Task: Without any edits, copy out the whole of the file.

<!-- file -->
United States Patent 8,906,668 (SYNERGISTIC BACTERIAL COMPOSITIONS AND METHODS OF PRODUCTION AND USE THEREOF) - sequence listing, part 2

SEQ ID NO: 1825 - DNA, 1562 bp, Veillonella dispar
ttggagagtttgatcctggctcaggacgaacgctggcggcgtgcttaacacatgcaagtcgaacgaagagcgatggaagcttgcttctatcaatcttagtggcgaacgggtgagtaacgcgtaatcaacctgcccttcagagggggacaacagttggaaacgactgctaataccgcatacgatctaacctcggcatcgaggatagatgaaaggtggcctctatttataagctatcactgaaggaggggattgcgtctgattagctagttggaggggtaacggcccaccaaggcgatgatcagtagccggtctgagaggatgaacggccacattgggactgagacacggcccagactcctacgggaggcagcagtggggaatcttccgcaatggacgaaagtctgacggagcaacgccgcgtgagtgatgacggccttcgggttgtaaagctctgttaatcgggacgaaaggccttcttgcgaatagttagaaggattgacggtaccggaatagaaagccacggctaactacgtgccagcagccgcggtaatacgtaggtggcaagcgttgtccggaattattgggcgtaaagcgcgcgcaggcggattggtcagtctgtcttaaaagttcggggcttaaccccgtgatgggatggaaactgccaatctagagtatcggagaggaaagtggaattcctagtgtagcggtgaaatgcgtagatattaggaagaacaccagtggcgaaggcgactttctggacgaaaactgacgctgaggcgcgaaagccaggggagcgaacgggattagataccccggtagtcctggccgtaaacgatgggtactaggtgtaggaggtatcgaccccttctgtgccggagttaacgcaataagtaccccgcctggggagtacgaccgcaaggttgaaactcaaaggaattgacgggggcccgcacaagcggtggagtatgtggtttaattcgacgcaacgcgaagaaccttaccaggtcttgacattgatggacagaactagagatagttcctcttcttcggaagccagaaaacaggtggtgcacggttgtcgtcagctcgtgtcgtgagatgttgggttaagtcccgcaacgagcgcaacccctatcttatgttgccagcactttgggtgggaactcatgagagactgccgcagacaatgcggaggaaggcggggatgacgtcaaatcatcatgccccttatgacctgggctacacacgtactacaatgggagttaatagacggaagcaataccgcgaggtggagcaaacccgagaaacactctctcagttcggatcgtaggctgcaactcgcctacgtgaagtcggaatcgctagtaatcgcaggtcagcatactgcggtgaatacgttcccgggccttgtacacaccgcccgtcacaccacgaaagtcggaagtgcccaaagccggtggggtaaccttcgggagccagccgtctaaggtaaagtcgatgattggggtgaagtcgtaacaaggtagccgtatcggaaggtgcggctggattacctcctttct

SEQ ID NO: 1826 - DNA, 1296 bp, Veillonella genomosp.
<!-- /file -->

United States Patent 8,906,668 (SYNERGISTIC BACTERIAL COMPOSITIONS AND METHODS OF PRODUCTION AND USE THEREOF) - sequence listing, part 2

SEQ ID NO: 1825 - DNA, 1562 bp, Veillonella dispar
ttggagagtttgatcctggctcaggacgaacgctggcggcgtgcttaacacatgcaagtcgaacgaagagcgatggaagcttgcttctatcaatcttagtggcgaacgggtgagtaacgcgtaatcaacctgcccttcagagggggacaacagttggaaacgactgctaataccgcatacgatctaacctcggcatcgaggatagatgaaaggtggcctctatttataagctatcactgaaggaggggattgcgtctgattagctagttggaggggtaacggcccaccaaggcgatgatcagtagccggtctgagaggatgaacggccacattgggactgagacacggcccagactcctacgggaggcagcagtggggaatcttccgcaatggacgaaagtctgacggagcaacgccgcgtgagtgatgacggccttcgggttgtaaagctctgttaatcgggacgaaaggccttcttgcgaatagttagaaggattgacggtaccggaatagaaagccacggctaactacgtgccagcagccgcggtaatacgtaggtggcaagcgttgtccggaattattgggcgtaaagcgcgcgcaggcggattggtcagtctgtcttaaaagttcggggcttaaccccgtgatgggatggaaactgccaatctagagtatcggagaggaaagtggaattcctagtgtagcggtgaaatgcgtagatattaggaagaacaccagtggcgaaggcgactttctggacgaaaactgacgctgaggcgcgaaagccaggggagcgaacgggattagataccccggtagtcctggccgtaaacgatgggtactaggtgtaggaggtatcgaccccttctgtgccggagttaacgcaataagtaccccgcctggggagtacgaccgcaaggttgaaactcaaaggaattgacgggggcccgcacaagcggtggagtatgtggtttaattcgacgcaacgcgaagaaccttaccaggtcttgacattgatggacagaactagagatagttcctcttcttcggaagccagaaaacaggtggtgcacggttgtcgtcagctcgtgtcgtgagatgttgggttaagtcccgcaacgagcgcaacccctatcttatgttgccagcactttgggtgggaactcatgagagactgccgcagacaatgcggaggaaggcggggatgacgtcaaatcatcatgccccttatgacctgggctacacacgtactacaatgggagttaatagacggaagcaataccgcgaggtggagcaaacccgagaaacactctctcagttcggatcgtaggctgcaactcgcctacgtgaagtcggaatcgctagtaatcgcaggtcagcatactgcggtgaatacgttcccgggccttgtacacaccgcccgtcacaccacgaaagtcggaagtgcccaaagccggtggggtaaccttcgggagccagccgtctaaggtaaagtcgatgattggggtgaagtcgtaacaaggtagccgtatcggaaggtgcggctggattacctcctttct

SEQ ID NO: 1826 - DNA, 1296 bp, Veillonella genomosp.